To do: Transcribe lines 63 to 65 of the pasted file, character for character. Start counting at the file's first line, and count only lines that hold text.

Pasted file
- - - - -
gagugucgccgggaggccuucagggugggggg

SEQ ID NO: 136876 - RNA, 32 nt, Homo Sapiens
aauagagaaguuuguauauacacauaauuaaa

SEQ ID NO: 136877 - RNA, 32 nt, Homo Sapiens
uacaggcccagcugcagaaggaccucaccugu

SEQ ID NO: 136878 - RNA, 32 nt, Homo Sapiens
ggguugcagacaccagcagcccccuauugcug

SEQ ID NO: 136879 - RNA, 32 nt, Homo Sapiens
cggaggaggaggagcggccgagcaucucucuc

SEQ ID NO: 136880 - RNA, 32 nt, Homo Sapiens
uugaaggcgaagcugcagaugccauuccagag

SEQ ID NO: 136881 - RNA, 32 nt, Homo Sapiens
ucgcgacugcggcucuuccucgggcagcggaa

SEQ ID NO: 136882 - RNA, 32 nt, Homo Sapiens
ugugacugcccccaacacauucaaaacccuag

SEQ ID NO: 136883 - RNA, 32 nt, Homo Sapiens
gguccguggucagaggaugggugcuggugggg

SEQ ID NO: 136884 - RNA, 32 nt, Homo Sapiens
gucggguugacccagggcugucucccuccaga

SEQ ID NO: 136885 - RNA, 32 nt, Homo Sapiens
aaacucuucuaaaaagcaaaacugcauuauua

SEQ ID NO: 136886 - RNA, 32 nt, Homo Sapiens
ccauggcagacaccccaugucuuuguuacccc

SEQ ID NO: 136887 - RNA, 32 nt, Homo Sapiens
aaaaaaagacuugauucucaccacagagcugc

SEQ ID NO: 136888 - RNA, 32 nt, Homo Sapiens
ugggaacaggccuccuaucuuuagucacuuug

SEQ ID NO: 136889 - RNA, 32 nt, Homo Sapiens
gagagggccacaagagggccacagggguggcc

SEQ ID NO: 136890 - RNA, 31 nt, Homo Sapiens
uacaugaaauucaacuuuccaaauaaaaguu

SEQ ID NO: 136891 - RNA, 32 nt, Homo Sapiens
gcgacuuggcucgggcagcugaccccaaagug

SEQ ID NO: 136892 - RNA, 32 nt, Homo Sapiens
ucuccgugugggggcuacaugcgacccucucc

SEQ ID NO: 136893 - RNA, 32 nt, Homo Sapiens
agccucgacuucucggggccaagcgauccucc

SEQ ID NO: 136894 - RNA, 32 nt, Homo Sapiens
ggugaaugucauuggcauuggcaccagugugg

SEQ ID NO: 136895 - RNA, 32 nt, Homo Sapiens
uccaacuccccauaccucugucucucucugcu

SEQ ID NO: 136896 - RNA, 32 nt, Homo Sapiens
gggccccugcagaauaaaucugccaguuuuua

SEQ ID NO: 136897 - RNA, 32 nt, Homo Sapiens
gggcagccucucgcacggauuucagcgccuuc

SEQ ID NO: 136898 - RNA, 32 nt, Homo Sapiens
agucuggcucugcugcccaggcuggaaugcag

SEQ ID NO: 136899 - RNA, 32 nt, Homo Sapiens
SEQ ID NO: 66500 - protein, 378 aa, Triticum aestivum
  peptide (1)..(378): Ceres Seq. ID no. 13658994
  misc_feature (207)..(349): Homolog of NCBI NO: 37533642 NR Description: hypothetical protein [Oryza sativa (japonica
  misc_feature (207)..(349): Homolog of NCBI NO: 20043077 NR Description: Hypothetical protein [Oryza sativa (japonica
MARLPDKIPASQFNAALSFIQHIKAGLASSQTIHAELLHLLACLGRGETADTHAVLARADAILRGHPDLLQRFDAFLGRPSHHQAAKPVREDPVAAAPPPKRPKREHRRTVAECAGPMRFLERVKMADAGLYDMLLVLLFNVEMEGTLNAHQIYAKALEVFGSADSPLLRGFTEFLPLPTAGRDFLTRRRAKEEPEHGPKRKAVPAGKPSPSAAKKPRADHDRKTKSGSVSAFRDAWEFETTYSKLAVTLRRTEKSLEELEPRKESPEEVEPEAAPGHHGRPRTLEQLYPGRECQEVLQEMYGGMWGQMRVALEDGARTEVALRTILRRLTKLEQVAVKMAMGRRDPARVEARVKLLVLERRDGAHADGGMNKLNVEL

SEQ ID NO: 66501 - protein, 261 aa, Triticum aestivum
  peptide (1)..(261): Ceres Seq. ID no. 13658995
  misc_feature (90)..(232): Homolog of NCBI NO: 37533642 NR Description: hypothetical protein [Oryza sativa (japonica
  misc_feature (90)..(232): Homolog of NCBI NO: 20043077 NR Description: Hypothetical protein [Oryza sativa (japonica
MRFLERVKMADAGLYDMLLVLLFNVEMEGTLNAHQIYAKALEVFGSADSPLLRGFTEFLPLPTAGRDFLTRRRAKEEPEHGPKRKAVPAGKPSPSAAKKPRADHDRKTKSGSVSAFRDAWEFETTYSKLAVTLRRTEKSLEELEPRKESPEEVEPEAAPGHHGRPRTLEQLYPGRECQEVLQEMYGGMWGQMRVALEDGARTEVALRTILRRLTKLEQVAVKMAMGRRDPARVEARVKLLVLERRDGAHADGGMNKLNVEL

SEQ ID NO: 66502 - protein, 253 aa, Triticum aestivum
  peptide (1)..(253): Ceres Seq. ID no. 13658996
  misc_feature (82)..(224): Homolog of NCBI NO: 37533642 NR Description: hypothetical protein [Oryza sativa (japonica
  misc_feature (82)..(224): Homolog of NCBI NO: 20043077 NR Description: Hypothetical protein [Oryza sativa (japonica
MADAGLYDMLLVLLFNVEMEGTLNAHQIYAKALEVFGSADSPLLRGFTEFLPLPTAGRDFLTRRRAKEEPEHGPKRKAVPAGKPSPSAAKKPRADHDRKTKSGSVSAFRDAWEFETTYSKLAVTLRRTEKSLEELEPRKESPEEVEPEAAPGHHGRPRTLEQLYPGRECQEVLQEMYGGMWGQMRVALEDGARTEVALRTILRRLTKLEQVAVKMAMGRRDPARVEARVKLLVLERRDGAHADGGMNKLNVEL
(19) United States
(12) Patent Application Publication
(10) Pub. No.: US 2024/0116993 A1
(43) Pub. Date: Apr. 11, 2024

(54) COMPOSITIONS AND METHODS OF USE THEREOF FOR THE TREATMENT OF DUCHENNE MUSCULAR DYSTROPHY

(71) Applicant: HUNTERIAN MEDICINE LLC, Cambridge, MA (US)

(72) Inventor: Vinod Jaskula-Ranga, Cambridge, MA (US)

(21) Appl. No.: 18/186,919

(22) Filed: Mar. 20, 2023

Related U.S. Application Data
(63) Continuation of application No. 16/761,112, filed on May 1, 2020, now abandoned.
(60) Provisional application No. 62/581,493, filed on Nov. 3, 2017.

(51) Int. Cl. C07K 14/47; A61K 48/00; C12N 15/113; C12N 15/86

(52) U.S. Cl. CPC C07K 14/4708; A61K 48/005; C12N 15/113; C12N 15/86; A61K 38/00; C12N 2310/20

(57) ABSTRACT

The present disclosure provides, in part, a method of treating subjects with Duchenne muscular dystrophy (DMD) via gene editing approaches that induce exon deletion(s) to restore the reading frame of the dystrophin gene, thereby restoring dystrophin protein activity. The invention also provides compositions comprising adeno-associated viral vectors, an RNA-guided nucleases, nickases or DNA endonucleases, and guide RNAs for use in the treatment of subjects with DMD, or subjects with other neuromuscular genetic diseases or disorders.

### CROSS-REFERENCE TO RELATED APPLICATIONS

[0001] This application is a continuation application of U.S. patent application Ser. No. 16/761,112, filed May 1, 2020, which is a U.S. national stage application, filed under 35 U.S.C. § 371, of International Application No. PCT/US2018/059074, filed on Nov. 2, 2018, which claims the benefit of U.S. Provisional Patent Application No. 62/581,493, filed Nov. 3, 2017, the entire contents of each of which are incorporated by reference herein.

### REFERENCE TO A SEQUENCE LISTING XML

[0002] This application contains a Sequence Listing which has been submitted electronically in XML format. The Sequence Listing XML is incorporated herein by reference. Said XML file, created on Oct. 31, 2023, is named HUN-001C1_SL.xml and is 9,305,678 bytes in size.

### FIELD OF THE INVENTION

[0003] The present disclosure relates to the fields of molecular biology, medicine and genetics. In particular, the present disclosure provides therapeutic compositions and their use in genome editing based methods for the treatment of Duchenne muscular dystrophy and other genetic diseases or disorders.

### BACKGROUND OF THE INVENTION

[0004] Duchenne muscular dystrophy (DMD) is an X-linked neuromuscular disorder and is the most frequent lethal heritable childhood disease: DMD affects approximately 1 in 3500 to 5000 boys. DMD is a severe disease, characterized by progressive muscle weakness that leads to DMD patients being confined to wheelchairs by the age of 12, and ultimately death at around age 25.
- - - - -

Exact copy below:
MADAGLYDMLLVLLFNVEMEGTLNAHQIYAKALEVFGSADSPLLRGFTEFLPLPTAGRDFLTRRRAKEEPEHGPKRKAVPAGKPSPSAAKKPRADHDRKTKSGSVSAFRDAWEFETTYSKLAVTLRRTEKSLEELEPRKESPEEVEPEAAPGHHGRPRTLEQLYPGRECQEVLQEMYGGMWGQMRVALEDGARTEVALRTILRRLTKLEQVAVKMAMGRRDPARVEARVKLLVLERRDGAHADGGMNKLNVEL
(19) United States
(12) Patent Application Publication